There was a lot of anticipation over Evan Williams’ keynote at the South BySouthwest Interactive conference yesterday. However, while there were interesting revelations regarding Twitter’s new @Everywhere announcement, nothing was revealed about the thing everyone wants to know – How Twitter finally plans to make money?
Now, it appears that Twitter’s ad monetization model could be unveiled in mid-April during Chirp, Twitter’s developer conference scheduled for a month from now.
If the timing of the announcement is indeed set for Chirp, we wonder if that could mean that there could be some sort of revenue sharing feature with the developers. Could we be seeing another Adwords/Adsense ecosystem in the making with Twitter?
[via All Things D
Close to 50 ARM based tablet devices could be launched through 2010. This was stated by Roy Chen, ARM’s ODM manager for worldwide mobile computing who says that enquiries over ARM technology for tablet devices from PC manufacturers is so intense that the company has had to rent additional floor space to show off the devices at CeBIT.
One caveat here: Not all enquiries translate into actual products. But truth is that PC and mobile manufacturers have realized the mistake in letting the iPhone have an early mover advantage in the smartphone segment and regardless of whether they see justice in serving a segment like tablet, companies are likely to launch few devices to gauge customer interest in the same.
What do you think?
One might have assumed that FoxConn wants to claim proprietary rights to devices that can change apps, play music,etc. on shaking the device (which is prior art by the way). But no. Taiwan based Hon Hai Precision, which is better known as FoxConn outside wants to patent a shake responsive handheld that will improve the experience while playing dice-games.
The patent application reads
“In general, such dice games are played by rolling the dice for the user automatically or based upon a simple button press, which differs significantly from the experience of physically rolling dice. In the real world, there is a causal relationship between physically tossing dice and observing the outcome that has made dice games so popular over the centuries. Therefore, there is a need to provide a handheld device that can be shaken to simulate dice rolling in the real world.”
Wouldn’t you love shaking your phone instead of a dice?
T-Mobile has announced that the company shall be making certain changes to its coverage map to more accurately depict the data and voice coverage across the country. This is expected to launch come March 14.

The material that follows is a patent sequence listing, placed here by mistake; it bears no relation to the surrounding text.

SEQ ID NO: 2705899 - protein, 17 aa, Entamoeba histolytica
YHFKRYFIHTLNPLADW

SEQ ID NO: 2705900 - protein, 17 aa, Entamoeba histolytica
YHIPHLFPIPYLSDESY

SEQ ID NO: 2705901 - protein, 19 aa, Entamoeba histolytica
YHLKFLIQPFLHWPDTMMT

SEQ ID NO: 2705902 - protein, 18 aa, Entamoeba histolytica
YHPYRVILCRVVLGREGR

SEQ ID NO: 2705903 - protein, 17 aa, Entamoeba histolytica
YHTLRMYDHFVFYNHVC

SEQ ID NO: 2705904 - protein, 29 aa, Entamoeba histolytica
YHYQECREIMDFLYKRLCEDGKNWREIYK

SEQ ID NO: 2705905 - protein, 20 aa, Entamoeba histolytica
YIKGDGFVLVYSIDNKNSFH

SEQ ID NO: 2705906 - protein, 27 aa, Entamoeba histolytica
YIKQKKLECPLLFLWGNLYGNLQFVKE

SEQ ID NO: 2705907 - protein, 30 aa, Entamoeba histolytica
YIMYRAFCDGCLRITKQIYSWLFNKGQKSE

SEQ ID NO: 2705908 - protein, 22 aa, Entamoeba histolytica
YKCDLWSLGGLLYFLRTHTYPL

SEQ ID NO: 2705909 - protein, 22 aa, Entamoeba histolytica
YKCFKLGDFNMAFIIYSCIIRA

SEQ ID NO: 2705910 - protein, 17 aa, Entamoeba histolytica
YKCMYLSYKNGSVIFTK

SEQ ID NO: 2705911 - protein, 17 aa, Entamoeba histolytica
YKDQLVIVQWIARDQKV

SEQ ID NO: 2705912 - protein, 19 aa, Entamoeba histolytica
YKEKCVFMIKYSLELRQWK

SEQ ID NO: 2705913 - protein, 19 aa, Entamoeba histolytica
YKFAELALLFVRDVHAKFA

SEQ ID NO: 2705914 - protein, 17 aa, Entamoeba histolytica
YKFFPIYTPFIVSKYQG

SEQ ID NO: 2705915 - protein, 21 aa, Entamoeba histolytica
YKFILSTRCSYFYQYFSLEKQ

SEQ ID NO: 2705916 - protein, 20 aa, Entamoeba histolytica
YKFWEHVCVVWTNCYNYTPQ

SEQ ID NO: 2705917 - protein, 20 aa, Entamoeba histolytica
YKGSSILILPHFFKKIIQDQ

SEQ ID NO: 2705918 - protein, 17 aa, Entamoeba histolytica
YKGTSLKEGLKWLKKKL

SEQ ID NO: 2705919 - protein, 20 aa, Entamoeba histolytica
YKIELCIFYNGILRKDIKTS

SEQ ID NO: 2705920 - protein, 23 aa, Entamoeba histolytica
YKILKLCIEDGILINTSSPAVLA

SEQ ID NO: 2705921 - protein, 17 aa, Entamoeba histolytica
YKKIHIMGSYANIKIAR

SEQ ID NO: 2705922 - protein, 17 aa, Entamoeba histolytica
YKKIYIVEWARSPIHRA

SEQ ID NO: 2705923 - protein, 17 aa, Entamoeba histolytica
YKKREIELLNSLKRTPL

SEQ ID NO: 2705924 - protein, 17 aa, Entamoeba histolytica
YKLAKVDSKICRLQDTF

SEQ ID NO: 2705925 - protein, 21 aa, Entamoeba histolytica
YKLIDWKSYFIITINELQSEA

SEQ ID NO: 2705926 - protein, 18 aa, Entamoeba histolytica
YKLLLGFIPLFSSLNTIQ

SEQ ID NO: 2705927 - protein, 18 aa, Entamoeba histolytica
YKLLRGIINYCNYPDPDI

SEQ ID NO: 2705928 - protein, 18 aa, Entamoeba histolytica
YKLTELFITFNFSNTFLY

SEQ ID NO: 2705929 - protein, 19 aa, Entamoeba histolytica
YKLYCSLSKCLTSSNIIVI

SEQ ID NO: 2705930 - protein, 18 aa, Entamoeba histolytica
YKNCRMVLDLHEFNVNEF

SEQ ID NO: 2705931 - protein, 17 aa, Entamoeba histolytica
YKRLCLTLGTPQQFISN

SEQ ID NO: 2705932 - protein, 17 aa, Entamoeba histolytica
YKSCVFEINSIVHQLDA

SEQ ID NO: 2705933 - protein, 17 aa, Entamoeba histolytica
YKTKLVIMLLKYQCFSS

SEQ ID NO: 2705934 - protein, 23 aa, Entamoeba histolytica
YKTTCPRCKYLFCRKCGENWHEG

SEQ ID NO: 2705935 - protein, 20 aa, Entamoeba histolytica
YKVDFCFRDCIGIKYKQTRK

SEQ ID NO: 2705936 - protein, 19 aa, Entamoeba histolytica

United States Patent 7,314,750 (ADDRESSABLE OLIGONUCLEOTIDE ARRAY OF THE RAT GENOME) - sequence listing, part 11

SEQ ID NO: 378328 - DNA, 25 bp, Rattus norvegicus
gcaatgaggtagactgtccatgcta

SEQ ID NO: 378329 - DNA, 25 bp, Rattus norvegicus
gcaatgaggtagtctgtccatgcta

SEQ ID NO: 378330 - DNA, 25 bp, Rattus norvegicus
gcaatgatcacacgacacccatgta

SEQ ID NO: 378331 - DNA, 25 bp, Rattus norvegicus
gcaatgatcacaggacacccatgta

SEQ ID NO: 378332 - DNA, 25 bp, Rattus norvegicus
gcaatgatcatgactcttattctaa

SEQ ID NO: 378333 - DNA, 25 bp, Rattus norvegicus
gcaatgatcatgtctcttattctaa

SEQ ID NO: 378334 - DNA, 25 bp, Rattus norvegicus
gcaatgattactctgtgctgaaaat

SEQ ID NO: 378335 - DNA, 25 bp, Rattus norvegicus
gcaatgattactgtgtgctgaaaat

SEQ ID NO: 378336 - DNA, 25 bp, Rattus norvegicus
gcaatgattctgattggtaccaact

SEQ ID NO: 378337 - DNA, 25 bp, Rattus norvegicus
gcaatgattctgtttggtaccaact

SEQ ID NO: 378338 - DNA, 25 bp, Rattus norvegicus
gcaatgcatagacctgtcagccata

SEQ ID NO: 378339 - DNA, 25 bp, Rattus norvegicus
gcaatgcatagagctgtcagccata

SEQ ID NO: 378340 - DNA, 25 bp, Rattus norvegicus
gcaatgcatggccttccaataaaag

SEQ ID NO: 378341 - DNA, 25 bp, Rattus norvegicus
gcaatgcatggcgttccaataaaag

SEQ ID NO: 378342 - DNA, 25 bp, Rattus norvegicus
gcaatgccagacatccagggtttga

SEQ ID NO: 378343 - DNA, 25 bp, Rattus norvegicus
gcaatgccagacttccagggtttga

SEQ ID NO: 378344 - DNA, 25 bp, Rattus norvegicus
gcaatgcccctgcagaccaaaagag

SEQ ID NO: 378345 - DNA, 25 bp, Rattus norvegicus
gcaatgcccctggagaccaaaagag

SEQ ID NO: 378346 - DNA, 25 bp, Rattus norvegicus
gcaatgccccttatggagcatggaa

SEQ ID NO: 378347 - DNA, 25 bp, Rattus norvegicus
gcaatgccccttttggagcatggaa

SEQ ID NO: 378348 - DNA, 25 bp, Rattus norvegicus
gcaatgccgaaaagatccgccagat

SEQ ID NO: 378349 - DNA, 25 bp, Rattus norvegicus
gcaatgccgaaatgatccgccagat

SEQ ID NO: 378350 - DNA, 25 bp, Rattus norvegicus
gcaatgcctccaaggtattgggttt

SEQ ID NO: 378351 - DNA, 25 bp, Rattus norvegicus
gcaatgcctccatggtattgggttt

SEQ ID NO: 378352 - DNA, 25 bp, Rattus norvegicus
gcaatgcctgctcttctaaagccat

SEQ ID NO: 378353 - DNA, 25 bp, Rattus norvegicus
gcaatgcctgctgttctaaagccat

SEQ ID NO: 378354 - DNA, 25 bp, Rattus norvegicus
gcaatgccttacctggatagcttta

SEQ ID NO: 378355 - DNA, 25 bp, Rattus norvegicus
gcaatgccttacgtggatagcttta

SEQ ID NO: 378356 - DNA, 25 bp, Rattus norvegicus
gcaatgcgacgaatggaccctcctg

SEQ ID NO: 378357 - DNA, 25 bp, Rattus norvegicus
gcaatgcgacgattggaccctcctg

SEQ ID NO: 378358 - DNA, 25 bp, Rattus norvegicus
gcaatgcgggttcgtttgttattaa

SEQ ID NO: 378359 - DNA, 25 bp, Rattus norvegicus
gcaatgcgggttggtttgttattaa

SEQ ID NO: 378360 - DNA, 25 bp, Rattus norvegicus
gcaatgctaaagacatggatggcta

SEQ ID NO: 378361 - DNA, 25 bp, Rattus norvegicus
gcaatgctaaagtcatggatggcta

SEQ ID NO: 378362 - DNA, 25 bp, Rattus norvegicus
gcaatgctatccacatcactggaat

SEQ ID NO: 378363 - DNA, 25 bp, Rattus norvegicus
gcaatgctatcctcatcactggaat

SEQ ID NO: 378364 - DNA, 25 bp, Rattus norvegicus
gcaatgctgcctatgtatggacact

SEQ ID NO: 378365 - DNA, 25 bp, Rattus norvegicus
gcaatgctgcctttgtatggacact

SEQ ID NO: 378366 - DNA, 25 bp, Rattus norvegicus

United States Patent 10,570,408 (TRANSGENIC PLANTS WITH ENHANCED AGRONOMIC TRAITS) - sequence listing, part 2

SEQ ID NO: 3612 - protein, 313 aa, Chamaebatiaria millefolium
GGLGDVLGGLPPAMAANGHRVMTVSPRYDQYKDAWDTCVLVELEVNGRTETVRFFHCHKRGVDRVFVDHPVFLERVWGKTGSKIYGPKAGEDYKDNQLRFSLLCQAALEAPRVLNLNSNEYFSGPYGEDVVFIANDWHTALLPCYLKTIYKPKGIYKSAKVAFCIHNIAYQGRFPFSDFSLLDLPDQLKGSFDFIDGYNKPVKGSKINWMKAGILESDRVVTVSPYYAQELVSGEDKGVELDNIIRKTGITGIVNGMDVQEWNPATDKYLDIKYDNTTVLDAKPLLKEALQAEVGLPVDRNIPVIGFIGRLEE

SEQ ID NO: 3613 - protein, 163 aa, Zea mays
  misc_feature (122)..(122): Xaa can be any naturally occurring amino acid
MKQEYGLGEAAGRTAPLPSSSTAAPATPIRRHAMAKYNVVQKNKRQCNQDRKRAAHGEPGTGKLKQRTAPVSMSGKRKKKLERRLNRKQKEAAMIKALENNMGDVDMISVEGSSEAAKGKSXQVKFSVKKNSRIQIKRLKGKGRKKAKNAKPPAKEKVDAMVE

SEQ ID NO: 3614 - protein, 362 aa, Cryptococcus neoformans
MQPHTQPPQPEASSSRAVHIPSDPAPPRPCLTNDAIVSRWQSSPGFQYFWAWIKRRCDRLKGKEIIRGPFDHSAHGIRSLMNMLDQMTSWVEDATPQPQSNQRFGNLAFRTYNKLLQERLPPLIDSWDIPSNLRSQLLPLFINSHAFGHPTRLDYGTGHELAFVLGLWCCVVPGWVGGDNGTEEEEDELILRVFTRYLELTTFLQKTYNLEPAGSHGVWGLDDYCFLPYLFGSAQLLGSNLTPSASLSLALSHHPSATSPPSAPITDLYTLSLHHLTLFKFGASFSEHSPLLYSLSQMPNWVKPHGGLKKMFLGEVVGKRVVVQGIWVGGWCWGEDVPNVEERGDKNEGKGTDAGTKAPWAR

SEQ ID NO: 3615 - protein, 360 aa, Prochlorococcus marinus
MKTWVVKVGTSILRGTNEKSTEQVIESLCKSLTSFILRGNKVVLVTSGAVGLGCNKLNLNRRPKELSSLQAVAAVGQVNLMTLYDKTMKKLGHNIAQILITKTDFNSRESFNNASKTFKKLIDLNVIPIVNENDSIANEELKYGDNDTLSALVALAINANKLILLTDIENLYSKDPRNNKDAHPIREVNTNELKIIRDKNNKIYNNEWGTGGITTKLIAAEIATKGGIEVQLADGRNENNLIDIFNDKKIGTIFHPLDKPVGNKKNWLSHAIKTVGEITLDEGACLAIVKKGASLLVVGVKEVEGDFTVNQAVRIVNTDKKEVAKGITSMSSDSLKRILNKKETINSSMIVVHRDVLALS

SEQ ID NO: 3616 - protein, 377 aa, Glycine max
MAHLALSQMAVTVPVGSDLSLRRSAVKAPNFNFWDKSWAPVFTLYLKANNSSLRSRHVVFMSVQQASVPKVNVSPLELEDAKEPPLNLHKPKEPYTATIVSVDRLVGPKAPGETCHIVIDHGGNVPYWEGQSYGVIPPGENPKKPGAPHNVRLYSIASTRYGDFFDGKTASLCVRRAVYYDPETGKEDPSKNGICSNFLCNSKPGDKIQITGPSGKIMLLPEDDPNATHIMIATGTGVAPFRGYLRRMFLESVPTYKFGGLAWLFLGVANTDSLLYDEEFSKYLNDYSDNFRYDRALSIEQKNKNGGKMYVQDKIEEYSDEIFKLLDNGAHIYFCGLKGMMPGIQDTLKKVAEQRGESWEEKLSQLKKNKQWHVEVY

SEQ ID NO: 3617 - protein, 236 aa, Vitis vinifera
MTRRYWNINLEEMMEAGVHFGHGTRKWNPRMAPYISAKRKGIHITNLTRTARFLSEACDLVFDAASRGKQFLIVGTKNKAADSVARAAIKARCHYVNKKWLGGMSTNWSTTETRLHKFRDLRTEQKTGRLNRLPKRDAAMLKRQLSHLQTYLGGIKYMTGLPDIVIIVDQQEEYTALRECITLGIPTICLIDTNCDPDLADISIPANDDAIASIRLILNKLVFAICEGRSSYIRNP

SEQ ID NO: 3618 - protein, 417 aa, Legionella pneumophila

However, one of the internal documents posted points to a new category of wireless broadband titled : “Very fast mobile web : Home broadband like speeds on the go“. It is not clear if this is the 21 Mbps connection that T-Mobile is working on. Nobody’s confirmed it, but we definitely hope that is the case.
Ever since Microsoft unveiled their new generation mobile OS, there have been a lot of rumors about the Windows Phone 7 based handsets launching in the markets. Though a majority of them are not expected to launch until the holiday shopping season, the earliest to launch is likely to be in September.
It is now rumored that LG, the company expected to come out with the first Windows Phone 7 based handset is likely to name the device Panther. Pretty uninnovative and un-cutesy for a brand that is expected to take on the likes of iPhone and Droid.
How do you like the name? Will you be buying one Tell us in the comments.
[Best Mobile Contracts
Sources close to TmoNews have revealed the prices of the T-Mobile based handsets which get launched later this year. According to the source, Motorola CLIQ XT will launch at a price of $129.99 with a 2 year contract. Without the T-Mobile contract, you can get hold of the device for $329.99.
Nokia Nuron will retail at $69.99 with contract and $179.99 without one. Similarly, HTC HD2 will come at a subsidized price of $199.99 with the 2 year contract and at $449.99 without one.
We guess the phones have been priced at a pretty attractive level. What do you think? Which one are you going for?